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CD REVIEW: Joanna McMeikan - Anti-Industry
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CD REVIEW: Joanna McMeikan
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Joanna McMeikan - Breaking the Habit

"A mediocre effort at best."

3/5
By Kristyn Cunningham
email :: avaricemurony
Favorite Tracks:
>> Past Unconditional {{clip}}
>> Laughable Tragedy {{clip}}
>> Galatea {{clip}}

I'll be honest- I'm not a fan of female vocalists. It seems silly to say when I'm female, but my problem is that there aren't many female singers out there who like to rock. Most of the time, they make pretty, dainty piano songs that would make a testosterone pumping male like Colin Farrell go on a murderous rampage.


This album is no different. I'm not saying Joanna McMeikan isn't talented- this woman has a voice with so much power behind it that I had to turn down the volume on my headphones in fear that she was going to implode my eardrums. My ears rang for ten minutes after I turned the disc off. Whoever did her mixing and production is a genius- every song is perfectly balanced and full, each note caressing her voice, the obvious focal point of almost every tune.


Unfortunately, those are the only nice things I can think of to say. The songs range from either crap rejects from Riverdance ("January Snow") to a bizarre love song to prescription pills ("Rainbow"). Keep popping those little blue pills that "paint you a rainbow," Joanna - I guess you must need them. What's even more disturbing is that I'm not sure if this song is supposed to be a sarcastic jab at our overmedicated world (in which case, it's genius) or if it's a sincere thank you to her shrink for drugging her up (in which case, maybe you should up the dosage, doc).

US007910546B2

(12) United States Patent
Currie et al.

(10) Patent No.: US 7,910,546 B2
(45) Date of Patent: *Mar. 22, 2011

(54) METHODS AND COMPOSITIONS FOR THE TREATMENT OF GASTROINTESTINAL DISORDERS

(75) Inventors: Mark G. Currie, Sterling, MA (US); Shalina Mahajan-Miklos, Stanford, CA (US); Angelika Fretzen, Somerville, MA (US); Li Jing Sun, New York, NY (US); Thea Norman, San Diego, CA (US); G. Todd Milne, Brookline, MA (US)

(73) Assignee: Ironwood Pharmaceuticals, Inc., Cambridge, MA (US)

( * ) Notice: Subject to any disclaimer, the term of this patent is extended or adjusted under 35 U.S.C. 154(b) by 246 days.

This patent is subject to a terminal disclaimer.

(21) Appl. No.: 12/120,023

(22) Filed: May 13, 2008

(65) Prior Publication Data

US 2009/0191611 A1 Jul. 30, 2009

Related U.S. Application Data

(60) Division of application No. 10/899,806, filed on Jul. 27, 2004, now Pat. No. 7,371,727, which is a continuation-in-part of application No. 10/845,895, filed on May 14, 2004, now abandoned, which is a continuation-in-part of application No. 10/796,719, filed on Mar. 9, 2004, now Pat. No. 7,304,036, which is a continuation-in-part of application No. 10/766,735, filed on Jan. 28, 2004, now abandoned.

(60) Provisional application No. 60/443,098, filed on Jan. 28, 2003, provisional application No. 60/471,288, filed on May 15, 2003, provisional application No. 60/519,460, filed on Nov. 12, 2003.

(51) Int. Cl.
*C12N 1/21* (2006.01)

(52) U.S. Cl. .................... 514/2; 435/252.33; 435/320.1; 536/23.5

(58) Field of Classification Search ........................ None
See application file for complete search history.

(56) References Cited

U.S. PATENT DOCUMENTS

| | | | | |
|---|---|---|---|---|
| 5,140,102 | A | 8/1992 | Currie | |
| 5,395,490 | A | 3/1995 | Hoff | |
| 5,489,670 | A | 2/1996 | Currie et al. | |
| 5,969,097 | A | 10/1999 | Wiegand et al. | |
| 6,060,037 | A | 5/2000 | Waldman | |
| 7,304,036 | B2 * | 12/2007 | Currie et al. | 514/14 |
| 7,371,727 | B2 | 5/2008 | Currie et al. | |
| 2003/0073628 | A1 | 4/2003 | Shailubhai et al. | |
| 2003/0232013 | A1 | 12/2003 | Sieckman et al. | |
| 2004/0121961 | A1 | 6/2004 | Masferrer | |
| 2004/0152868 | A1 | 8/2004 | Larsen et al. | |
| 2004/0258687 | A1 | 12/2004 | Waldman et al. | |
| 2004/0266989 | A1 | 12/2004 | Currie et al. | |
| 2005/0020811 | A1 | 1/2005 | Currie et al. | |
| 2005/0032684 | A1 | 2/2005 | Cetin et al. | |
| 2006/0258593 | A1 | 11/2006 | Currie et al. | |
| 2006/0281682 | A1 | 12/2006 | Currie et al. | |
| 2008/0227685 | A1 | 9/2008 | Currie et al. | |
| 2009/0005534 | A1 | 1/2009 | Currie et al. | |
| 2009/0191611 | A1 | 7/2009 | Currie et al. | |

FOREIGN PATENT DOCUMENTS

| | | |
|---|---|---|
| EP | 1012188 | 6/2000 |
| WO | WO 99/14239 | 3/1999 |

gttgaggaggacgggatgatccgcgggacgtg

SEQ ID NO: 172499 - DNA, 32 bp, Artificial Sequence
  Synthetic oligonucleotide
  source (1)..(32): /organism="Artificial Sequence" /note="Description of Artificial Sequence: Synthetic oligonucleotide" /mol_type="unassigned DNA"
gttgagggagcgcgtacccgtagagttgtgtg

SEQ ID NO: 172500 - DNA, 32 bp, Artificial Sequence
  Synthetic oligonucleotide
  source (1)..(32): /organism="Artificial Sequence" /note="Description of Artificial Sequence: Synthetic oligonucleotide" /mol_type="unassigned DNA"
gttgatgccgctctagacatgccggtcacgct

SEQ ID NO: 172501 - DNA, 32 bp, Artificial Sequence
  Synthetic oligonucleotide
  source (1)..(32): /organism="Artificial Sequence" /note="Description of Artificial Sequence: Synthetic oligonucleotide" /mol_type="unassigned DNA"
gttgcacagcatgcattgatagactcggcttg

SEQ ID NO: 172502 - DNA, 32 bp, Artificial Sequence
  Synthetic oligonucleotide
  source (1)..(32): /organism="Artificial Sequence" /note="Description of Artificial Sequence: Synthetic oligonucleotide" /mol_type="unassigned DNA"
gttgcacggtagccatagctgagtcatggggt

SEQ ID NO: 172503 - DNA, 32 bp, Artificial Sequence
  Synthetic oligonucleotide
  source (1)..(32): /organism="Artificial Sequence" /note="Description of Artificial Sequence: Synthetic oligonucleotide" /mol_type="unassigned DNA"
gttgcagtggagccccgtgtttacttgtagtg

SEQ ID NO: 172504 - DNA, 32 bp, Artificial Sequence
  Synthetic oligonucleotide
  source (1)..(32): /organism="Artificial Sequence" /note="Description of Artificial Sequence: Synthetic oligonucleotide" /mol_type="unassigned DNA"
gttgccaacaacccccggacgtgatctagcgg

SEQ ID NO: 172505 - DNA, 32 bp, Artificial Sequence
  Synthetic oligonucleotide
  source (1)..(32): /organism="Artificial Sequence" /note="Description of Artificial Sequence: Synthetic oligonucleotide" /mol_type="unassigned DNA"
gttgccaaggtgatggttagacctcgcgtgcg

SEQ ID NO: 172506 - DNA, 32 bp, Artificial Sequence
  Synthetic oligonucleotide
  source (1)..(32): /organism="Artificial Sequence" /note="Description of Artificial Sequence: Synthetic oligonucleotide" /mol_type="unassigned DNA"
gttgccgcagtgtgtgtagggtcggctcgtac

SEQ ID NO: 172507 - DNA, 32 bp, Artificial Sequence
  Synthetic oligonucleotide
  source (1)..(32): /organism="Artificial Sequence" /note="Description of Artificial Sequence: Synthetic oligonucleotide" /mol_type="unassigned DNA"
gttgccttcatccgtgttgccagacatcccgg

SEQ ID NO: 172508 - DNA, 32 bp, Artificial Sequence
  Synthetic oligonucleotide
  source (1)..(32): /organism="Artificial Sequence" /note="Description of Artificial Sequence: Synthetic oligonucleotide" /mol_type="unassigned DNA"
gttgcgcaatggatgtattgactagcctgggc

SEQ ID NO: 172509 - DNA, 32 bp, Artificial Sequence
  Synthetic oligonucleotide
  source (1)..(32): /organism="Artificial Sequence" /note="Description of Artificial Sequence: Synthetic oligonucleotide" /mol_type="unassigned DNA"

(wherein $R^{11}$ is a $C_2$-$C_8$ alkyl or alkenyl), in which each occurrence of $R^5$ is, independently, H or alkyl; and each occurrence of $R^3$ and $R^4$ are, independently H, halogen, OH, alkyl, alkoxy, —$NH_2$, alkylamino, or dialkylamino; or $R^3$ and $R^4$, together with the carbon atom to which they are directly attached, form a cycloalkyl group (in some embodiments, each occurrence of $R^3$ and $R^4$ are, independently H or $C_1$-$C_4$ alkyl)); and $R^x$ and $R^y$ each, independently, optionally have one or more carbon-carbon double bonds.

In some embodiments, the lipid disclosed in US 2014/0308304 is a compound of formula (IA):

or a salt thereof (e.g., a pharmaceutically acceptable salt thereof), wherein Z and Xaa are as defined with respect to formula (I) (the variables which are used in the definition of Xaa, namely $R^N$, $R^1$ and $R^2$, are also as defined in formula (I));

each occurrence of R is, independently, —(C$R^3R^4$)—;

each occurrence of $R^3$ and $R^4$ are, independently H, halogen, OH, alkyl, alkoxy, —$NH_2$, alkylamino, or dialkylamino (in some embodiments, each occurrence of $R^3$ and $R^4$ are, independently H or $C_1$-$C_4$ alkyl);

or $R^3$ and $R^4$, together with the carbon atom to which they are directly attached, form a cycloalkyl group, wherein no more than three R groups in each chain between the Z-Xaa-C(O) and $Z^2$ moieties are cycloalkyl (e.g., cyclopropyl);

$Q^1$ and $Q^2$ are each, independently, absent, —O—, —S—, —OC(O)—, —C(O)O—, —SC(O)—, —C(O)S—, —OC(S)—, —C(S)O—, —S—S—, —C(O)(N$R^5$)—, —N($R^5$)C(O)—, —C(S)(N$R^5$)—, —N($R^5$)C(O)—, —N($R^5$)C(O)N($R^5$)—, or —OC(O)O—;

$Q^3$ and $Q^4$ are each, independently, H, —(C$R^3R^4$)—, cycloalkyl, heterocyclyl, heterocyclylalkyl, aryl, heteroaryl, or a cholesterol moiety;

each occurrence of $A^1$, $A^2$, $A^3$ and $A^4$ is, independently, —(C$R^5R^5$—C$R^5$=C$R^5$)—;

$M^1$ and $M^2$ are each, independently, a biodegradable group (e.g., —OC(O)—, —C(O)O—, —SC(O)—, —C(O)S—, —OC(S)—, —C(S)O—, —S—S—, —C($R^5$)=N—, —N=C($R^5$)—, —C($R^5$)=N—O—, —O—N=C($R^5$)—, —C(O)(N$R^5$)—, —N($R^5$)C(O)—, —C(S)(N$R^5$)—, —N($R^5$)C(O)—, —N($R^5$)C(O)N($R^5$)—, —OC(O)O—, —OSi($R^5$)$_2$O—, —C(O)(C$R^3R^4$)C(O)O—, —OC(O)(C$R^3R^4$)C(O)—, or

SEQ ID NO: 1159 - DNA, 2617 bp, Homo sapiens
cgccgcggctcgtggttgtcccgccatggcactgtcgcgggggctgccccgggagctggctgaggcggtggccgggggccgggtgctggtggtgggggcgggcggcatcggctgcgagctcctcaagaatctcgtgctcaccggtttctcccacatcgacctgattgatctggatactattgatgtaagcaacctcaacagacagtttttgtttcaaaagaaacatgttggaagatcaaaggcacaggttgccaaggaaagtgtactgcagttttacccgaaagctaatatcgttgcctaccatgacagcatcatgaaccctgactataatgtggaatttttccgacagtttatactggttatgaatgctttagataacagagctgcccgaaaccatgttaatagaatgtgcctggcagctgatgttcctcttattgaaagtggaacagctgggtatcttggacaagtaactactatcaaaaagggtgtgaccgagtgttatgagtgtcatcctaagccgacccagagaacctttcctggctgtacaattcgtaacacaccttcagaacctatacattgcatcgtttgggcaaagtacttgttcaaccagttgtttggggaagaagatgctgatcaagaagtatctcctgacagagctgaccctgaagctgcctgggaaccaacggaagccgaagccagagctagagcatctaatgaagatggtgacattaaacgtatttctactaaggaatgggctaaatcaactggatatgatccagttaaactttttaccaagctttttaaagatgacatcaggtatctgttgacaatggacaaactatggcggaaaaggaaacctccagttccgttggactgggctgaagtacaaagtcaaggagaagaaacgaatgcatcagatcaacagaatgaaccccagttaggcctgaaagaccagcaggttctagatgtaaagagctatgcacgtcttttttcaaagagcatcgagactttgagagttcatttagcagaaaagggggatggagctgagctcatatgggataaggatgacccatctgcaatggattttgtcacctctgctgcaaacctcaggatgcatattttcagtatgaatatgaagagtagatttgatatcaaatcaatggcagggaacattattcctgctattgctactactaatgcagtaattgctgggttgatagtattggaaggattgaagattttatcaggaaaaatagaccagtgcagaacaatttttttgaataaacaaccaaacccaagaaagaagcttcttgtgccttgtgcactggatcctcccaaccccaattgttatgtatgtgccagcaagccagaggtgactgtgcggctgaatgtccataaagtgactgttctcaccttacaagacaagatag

Halfway through the disc, I'll admit that things begin to look up a bit. "Past Unconditional" is a bopping R&B flavored tune. Her gentle British voice floats ethereally in spoken word over a really solid, thumping beat that has at least 3 mesmerizing layers. One would think all these layers would make the song painful and distracting- to the contrary, it creates a beautiful multi-rhythmic melody.


The groove keeps coming on in "Galatea", a jazzy mellow track. Yet despite the beauty of the song, her piercing soprano is a distraction throughout. I was won over by "Laughable Tragedy" because of the lyrics that sneer about how everyone has a plastic smile in their pocket in California. It seems that even across the ocean, people understand the falseness of the West Coast. This song also displays a dry, sarcastic sense of humor that I think may have been lost in translation in the Prozac Love Song ("Rainbow").


Then it's back to run of the mill on the last three tracks. I want to reiterate that the songs are beautiful and haunting- they just all seem to sound the same to me. Warbling, mournful, introspective lyrics matched with a decorative piano. Yawn. A mediocre effort at best.

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Comments
From: (Anonymous) Date: July 15th, 2004 09:33 pm (UTC) (Link)

Breaking the Habit

Hi, this is Joanna. Thanks for the review, just wanted to post and let you know that of course "Rainbow" can be taken in a sarcastic vein, I am anything but an advocate of the Prozac nation! Also, while I respect and appreciate all of your comments, I wanted to suggest that Anti-Industry might give cds for review to people who at least have some appreciation for the style of music they're listening to? I may be wrong here, but it seems like this reviewer would dislike Sarah McLachlan and Dido and Kate Bush as much as she does my style, since none of them rock out either. ;) I'd feel better about criticism from someone who enjoyed the genre I'm trying to work in but didn't think I was doing it well. Of course everyone's entitled to their opinion, and maybe I'm missing the point of your site? Let me know if I am. But wouldn't it make more sense to review things in terms of whether they're good examples of their genre rather than in blanket terms of whether the reviewer likes that genre or not?? Just a thought. Thanks for listening.

Is the full site coming back up again soon?
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